Neglected tropical diseases targeted by Gates Foundation, drug companies

Leprosy is still a threat in parts of Indonesia, where this photo was taken on July 8, 2010. It shows former leprosy patient Adelino Quelo, 68, crouching outside his hut. His fingers, toes and parts of his hands and feet are missing. (AP Photo/Wong Maye-E)
(AP Photo/Wong Maye-E)
leprosy, indonesia, 4x3
Leprosy is still a threat in parts of the world, like in Indonesia, where this photo was taken on July 8, 2010.

(CBS) Bill and Melinda Gates want to put a stop to 10 neglected tropical diseases by 2020.

Their foundation is teaming up with 13 pharmaceutical companies and the U.S., U.K. and U.A.E governments to coordinate an effort to improve the lives of more than 1.4 billion people affected by the diseases, which include dengue and leprosy. The coordinated effort will include more than $785 million for research and funding medicine distribution.

"Many companies and organizations have worked for decades to fight these horrific diseases," Sir Andrew Witty, CEO of GlaxoSmithKline, said in a Bill & Melinda Gates Foundation written statement on behalf of the CEOs of the 13 pharmaceutical companies. "But no one company or organization can do it alone. Today, we pledge to work hand-in-hand to revolutionize the way we fight these diseases now and in the future."

In addition to GlaxoSmithKline, companies participating in the project include Sanofi Aventis, Novartis AG, Bristol- Myers Squibb Co, Pfizer Inc., Johnson & Johnson, Gilead Sciences Inc., Merck & Co., Bayer AG, Merck KGaA, Eisai Co., Abbott Laboratories, and AstraZeneca Plc, Bloomberg reported.

There are 17 neglected tropical diseases, according to the World Health Organization. Other diseases targeted by the initiative include Chagas disease, rabies, African trypanosomiasis (sleeping sickness), onchocerciasis (river blindness), blinding trachoma, visceral leishmaniasis (sandfly disease), Guinea worm disease, and elephantiasis.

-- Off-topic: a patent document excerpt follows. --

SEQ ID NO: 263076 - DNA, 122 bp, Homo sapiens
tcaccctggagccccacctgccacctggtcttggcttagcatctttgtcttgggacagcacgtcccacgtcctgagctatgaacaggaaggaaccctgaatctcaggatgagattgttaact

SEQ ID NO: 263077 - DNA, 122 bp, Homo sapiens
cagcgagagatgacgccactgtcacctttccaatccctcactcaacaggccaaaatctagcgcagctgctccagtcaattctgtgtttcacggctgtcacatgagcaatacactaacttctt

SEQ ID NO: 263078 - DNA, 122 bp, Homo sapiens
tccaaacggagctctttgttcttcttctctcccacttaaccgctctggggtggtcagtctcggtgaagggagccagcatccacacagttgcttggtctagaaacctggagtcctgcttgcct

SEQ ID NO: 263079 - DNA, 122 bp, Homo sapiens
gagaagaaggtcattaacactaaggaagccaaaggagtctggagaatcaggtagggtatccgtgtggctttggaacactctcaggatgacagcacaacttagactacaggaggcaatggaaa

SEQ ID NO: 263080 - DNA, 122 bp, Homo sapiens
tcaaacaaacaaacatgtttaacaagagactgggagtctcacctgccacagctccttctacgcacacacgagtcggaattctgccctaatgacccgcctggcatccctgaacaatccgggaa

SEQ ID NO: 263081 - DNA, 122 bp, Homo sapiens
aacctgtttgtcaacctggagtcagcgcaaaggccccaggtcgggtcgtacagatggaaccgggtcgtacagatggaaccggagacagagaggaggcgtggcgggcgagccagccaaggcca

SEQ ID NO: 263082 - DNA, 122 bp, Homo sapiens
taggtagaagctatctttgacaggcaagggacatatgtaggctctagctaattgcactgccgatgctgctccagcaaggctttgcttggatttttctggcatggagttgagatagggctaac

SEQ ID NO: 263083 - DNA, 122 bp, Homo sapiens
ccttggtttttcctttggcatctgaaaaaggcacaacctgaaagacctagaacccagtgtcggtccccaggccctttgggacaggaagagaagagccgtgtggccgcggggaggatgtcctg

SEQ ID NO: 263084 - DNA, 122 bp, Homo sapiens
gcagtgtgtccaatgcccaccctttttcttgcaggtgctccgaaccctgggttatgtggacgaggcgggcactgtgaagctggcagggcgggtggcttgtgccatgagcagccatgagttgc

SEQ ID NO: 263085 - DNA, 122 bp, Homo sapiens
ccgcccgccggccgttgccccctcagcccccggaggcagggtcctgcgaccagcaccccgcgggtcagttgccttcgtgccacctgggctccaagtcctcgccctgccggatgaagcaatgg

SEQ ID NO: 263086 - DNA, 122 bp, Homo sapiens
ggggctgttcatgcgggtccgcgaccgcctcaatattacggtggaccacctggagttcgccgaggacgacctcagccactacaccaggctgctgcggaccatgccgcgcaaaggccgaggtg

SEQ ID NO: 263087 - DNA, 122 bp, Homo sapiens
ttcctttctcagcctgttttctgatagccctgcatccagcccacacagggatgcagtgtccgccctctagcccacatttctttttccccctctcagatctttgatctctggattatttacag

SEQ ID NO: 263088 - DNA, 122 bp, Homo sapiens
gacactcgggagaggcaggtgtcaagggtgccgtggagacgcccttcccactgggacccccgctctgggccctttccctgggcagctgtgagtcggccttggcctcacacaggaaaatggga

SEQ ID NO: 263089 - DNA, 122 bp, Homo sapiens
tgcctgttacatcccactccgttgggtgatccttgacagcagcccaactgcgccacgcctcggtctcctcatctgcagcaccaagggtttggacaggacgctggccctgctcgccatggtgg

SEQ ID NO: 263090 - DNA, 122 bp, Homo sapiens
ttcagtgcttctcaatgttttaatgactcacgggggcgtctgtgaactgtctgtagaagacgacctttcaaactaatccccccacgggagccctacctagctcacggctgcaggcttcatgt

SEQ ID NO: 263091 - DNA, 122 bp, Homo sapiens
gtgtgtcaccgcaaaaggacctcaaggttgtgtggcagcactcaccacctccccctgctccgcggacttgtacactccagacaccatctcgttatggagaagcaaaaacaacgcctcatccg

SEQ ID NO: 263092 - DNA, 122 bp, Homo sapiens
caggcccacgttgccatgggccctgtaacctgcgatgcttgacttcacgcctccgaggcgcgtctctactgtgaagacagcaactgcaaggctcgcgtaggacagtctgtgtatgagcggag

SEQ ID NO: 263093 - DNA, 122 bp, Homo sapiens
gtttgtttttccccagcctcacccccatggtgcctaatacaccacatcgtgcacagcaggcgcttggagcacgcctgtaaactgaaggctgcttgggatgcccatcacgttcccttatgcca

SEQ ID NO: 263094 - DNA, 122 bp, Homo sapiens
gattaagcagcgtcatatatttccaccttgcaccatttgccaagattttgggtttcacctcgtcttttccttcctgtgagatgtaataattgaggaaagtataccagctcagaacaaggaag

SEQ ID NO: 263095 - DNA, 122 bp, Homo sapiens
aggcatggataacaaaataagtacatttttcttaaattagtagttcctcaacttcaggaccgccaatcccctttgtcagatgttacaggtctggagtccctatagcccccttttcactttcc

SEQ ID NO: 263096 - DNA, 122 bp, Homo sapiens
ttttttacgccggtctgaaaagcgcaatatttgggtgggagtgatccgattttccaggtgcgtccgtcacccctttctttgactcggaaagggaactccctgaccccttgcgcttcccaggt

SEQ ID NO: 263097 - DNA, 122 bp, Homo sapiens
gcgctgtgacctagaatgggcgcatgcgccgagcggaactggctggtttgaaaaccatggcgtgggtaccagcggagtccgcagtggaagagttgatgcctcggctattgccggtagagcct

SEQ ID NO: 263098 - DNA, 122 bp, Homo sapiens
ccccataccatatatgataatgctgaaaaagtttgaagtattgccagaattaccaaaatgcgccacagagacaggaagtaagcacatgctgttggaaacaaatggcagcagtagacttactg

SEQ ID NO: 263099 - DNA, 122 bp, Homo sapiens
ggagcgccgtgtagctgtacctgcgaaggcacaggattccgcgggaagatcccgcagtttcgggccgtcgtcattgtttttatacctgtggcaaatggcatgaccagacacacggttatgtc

"These ancient diseases are now being brought to their knees with stunning speed," WHO director general Margaret Chan, told Reuters. "With the boost to this momentum being made today, I am confident almost all of these diseases can be eliminated or controlled by the end of this decade."

The news is a welcome announcement for pharmaceutical industry critics who say the companies only focus on treating first-world problems, like high cholesterol, according to The Telegraph.

"The execution, excellence and depth of understanding the problem is very strong in private-sector companies," Gates told Bloomberg. "If you can find a way to draw them in, it's absolutely the right way to do it."

The governments of Bangladesh, Brazil, Mozambique and Tanzania - countries in which several of the tropical diseases are endemic - announced they would implement the group's recommendations and devote resources to defeat the diseases.

The World Health Organization has more on the effort to eradicate neglected tropical diseases.